- New system for secure authorization of third-party applications (through OAuth).
The Raspberry Pi 3 has built-in support for WiFi and Bluetooth. To connect other protocols like Zigbee or Z-Wave, some USB key models are supported: Digi XStick (version of ZB mesh) or any OpenZWave-compatible devices.
To deploy Mozilla’s free Internet of Things gateway, you need to download and install the Things Gateway 0.3 software image on your Raspberry Pi. By the way, you can experiment with this program on a PC or laptop: it is distributed with open source codes, so you can build it yourself from source.
After installing the certificates and the web server, the Mozilla Things Gateway is ready to go. It works as a WiFi access point, broadcasting the Mozilla IoT Gateway network name (SSID). You can connect to it from a laptop or smartphone - then the settings page will automatically load. Alternatively, the Raspberry Pi gateway itself connects to an existing wireless network.
Mozilla Things Gateway works with real or self-signed certificates. If necessary, you can install certificates from an authorized center, for example, GlobalSign has a public key infrastructure specifically for the Internet of Things , which can issue up to 3000 certificates per second. But in general, at the stage of gateway configuration, when choosing a subdomain, Things Gateway automatically generates an SSL certificateLet's Encrypt and establishes a secure connection for remote access to the system via the Internet.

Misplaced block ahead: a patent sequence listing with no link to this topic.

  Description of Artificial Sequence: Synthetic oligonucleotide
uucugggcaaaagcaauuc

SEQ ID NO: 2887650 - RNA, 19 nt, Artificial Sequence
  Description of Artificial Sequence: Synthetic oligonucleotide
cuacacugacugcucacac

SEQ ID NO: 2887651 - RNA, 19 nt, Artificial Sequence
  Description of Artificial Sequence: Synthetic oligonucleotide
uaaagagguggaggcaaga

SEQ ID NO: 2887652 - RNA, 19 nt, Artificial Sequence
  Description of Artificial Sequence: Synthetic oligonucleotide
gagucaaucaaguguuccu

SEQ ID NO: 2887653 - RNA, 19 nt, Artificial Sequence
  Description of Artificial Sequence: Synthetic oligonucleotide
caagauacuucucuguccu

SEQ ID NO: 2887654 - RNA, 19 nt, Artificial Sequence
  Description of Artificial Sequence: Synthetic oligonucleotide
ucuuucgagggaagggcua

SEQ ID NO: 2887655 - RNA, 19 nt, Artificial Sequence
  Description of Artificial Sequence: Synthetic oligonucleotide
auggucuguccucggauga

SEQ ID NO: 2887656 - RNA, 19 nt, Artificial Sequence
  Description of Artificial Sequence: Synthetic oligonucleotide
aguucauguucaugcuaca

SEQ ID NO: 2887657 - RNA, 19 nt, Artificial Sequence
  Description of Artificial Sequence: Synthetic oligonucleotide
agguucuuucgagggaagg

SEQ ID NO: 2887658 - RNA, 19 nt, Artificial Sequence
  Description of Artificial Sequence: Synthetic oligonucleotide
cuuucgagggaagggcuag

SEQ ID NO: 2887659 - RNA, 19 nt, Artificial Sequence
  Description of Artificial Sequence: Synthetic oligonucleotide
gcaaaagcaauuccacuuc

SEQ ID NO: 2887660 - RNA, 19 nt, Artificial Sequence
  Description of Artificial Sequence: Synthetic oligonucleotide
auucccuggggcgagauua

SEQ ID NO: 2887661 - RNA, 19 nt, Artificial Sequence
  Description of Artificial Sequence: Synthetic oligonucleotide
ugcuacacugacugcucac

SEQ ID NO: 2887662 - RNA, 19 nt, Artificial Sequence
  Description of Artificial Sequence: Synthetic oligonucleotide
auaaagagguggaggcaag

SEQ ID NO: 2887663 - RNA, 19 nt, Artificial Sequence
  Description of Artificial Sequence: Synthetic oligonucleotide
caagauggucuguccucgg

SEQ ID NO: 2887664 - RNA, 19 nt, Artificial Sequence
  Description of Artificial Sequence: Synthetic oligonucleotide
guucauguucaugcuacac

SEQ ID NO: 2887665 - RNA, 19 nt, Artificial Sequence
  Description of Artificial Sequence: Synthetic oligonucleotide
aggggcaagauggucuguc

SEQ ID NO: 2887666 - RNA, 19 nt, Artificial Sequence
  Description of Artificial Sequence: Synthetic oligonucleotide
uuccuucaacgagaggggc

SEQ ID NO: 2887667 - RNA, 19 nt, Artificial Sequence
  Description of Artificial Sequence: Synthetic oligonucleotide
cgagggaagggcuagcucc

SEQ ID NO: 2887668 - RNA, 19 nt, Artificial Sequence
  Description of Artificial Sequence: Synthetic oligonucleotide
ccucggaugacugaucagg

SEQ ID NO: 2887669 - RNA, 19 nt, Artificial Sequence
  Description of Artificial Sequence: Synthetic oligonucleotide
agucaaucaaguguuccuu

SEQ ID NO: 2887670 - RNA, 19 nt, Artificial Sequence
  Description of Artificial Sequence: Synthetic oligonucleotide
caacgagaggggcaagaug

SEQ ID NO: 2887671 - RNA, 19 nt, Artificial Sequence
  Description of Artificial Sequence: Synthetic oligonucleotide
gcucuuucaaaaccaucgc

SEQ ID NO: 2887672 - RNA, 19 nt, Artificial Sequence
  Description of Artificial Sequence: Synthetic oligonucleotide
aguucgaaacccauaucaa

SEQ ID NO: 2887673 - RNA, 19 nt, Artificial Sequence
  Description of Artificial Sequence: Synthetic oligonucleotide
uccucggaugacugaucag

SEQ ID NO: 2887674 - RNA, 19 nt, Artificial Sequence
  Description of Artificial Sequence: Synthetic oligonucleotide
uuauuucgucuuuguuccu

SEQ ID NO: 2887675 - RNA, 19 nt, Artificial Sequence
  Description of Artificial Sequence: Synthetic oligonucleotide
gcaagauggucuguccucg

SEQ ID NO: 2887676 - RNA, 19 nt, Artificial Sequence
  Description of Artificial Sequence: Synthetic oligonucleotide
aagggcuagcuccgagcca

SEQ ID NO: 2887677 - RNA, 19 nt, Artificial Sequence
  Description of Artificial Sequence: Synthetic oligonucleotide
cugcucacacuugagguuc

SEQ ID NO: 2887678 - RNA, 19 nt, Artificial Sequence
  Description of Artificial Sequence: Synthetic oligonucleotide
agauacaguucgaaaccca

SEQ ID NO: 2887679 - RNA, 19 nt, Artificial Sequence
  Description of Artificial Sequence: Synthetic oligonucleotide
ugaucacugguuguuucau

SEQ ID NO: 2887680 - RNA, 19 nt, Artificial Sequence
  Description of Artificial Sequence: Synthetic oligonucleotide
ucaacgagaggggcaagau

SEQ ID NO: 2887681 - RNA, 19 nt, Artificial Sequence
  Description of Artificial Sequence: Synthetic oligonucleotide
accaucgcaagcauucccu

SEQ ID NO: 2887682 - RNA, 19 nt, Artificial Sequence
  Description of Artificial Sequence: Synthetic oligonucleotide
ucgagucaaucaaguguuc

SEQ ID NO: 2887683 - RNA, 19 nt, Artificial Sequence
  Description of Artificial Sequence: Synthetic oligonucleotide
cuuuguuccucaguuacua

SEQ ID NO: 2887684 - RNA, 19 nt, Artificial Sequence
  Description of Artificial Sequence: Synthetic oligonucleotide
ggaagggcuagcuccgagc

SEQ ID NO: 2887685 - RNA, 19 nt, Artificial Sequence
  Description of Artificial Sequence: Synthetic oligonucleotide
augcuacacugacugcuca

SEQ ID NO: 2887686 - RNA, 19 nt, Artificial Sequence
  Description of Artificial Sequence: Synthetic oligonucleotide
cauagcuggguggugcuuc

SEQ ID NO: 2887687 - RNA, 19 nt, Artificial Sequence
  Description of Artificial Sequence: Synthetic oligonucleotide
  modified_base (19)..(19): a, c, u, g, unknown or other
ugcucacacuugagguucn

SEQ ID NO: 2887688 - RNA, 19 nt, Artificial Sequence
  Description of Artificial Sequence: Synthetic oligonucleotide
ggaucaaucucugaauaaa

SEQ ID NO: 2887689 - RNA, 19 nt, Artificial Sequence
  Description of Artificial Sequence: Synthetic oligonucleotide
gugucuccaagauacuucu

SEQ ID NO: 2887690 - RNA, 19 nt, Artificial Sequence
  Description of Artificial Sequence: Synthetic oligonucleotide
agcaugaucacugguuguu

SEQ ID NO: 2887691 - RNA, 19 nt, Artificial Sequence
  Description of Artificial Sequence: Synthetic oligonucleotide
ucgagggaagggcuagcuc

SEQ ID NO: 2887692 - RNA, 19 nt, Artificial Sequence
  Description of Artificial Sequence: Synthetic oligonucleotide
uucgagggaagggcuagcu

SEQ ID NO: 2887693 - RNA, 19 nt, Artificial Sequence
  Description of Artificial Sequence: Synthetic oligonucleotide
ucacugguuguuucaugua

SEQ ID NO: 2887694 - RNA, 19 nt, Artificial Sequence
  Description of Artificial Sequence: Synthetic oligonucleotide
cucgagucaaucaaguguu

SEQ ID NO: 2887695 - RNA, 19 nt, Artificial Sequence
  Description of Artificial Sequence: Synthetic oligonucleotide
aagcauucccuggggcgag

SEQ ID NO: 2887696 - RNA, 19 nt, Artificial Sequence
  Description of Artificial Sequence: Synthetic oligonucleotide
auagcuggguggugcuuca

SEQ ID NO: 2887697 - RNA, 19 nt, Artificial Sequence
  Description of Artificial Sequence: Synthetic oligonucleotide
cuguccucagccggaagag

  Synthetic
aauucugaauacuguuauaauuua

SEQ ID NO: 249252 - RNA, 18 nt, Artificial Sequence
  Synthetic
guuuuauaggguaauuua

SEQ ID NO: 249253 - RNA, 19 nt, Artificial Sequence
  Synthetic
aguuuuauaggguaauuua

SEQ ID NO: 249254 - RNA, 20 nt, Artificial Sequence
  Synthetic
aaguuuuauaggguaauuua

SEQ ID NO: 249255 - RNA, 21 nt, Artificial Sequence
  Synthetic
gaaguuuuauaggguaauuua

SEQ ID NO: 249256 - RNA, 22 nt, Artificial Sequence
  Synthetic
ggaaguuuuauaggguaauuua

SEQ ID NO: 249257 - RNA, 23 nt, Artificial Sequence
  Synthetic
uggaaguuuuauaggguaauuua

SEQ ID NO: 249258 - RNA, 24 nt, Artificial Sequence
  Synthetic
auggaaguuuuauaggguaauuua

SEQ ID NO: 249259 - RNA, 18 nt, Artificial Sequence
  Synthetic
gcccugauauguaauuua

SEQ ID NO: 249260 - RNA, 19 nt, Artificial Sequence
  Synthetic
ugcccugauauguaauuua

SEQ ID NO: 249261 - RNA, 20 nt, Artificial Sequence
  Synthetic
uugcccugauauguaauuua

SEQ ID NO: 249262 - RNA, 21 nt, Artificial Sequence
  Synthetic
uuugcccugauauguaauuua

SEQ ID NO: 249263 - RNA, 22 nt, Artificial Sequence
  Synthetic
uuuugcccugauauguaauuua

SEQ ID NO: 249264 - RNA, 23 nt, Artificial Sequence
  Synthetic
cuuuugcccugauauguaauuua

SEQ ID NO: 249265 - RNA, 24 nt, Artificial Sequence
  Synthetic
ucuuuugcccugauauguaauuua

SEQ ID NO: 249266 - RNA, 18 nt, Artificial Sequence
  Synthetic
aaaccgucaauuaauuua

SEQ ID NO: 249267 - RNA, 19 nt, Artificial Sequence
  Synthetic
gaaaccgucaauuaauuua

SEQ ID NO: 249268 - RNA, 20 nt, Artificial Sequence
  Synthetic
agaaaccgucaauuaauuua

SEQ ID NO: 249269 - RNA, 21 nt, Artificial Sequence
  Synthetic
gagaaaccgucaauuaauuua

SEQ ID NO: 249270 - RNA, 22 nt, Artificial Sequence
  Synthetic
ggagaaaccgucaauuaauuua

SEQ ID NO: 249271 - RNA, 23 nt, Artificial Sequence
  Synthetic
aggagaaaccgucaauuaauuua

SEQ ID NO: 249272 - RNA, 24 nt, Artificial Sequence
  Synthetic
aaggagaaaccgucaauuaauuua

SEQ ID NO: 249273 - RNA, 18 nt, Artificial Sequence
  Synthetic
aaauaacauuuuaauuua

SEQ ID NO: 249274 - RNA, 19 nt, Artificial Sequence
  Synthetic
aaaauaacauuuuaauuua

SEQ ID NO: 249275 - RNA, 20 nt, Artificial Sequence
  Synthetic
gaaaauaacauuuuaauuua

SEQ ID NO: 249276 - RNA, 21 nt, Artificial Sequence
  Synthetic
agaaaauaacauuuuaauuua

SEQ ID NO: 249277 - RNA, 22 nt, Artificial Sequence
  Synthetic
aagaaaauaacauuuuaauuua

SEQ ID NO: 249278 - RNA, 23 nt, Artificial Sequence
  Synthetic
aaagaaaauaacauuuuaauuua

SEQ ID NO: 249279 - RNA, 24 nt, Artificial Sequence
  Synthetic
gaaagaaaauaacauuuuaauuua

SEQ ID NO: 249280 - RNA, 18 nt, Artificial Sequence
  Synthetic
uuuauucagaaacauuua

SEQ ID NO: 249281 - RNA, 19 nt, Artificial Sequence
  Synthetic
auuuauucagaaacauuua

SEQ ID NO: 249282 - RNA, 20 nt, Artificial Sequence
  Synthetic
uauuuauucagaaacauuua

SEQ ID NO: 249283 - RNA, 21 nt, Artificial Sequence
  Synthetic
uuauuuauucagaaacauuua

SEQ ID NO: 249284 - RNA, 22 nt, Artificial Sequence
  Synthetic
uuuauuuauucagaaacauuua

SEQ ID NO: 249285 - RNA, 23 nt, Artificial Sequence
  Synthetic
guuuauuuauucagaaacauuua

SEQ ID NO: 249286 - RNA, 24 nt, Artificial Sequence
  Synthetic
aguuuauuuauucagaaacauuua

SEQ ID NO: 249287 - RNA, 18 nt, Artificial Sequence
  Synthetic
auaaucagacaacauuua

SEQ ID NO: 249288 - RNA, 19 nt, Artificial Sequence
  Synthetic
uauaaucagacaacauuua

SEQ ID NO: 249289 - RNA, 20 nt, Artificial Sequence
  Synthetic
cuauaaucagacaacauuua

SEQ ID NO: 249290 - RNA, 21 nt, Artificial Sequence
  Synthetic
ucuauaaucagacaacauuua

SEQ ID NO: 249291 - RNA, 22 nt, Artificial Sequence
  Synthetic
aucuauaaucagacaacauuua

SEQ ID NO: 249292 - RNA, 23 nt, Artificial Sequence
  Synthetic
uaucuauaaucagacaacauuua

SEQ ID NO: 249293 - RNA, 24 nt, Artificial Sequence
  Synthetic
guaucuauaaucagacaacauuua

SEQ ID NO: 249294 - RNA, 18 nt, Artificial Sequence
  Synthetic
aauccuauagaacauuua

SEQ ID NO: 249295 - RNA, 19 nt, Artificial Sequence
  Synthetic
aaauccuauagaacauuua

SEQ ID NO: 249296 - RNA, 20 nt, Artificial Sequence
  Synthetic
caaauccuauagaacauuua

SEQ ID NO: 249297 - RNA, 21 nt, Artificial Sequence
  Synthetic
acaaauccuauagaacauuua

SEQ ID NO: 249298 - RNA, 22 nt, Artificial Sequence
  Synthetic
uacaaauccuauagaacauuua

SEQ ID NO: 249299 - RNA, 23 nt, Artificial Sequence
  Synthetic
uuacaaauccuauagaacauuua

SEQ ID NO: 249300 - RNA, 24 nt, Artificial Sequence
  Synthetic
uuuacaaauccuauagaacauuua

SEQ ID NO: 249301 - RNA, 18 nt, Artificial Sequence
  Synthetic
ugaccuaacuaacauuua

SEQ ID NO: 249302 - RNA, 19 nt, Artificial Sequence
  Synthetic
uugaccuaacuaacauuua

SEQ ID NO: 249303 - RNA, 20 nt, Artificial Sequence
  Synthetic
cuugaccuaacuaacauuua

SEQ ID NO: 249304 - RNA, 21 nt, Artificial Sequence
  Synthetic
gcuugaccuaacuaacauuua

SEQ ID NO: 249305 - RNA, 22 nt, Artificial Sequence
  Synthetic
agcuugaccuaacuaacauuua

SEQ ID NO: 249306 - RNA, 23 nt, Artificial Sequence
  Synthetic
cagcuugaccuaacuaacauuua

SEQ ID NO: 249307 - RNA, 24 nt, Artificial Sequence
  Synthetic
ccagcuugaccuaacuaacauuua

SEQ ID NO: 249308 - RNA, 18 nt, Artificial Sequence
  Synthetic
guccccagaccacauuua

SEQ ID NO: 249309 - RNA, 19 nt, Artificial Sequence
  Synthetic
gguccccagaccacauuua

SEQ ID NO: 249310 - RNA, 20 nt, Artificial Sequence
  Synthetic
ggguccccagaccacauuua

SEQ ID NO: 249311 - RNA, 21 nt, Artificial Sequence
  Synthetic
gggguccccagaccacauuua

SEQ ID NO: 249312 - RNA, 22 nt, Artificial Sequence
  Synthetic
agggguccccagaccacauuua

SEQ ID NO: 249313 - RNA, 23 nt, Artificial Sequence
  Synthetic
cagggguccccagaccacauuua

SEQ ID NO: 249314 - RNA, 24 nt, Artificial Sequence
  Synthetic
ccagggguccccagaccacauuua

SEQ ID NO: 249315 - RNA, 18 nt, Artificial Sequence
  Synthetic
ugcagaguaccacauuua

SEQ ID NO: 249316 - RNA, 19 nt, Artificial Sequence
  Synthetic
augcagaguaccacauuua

After the gateway settings, a window opens for adding devices to the IoT local area network.
From here you can turn on / off devices and view their properties. For example, the screenshot below shows a smart switch with on and off buttons.
On the properties screen, the switch shows the current power consumption, voltage, current and frequency.
For a smart bulb, the brightness and color of the lighting can be set on the corresponding screen.
Of course, all these settings can be made from proprietary software and programs that come bundled with each of these devices. But the fact of the matter is that there are many devices, and each has its own control program. Open standard Web Things API and a free gateway from Mozilla should in the future combine all these gadgets from different companies into a single system.
“Each manufacturer usually creates their own application that works only with their own brand,” writes Mozilla. “If the future of connected IoT devices continues to include proprietary solutions, then their cost will remain high, while the market will remain fragmented and grow slowly.” Consumers should not be attached to a specific product, brand or platform. This will only result in a premium payment for such simple things as a smart light bulb. ”
Mozilla believes that the future of connected devices should be more like an open web. It should be decentralized - control should be given to the people who use these devices.
Everyone is invited to participate in the further development of a free framework.
Mozilla IoT Project on Github
Installing Mozilla Things Gateway on Raspberry Pi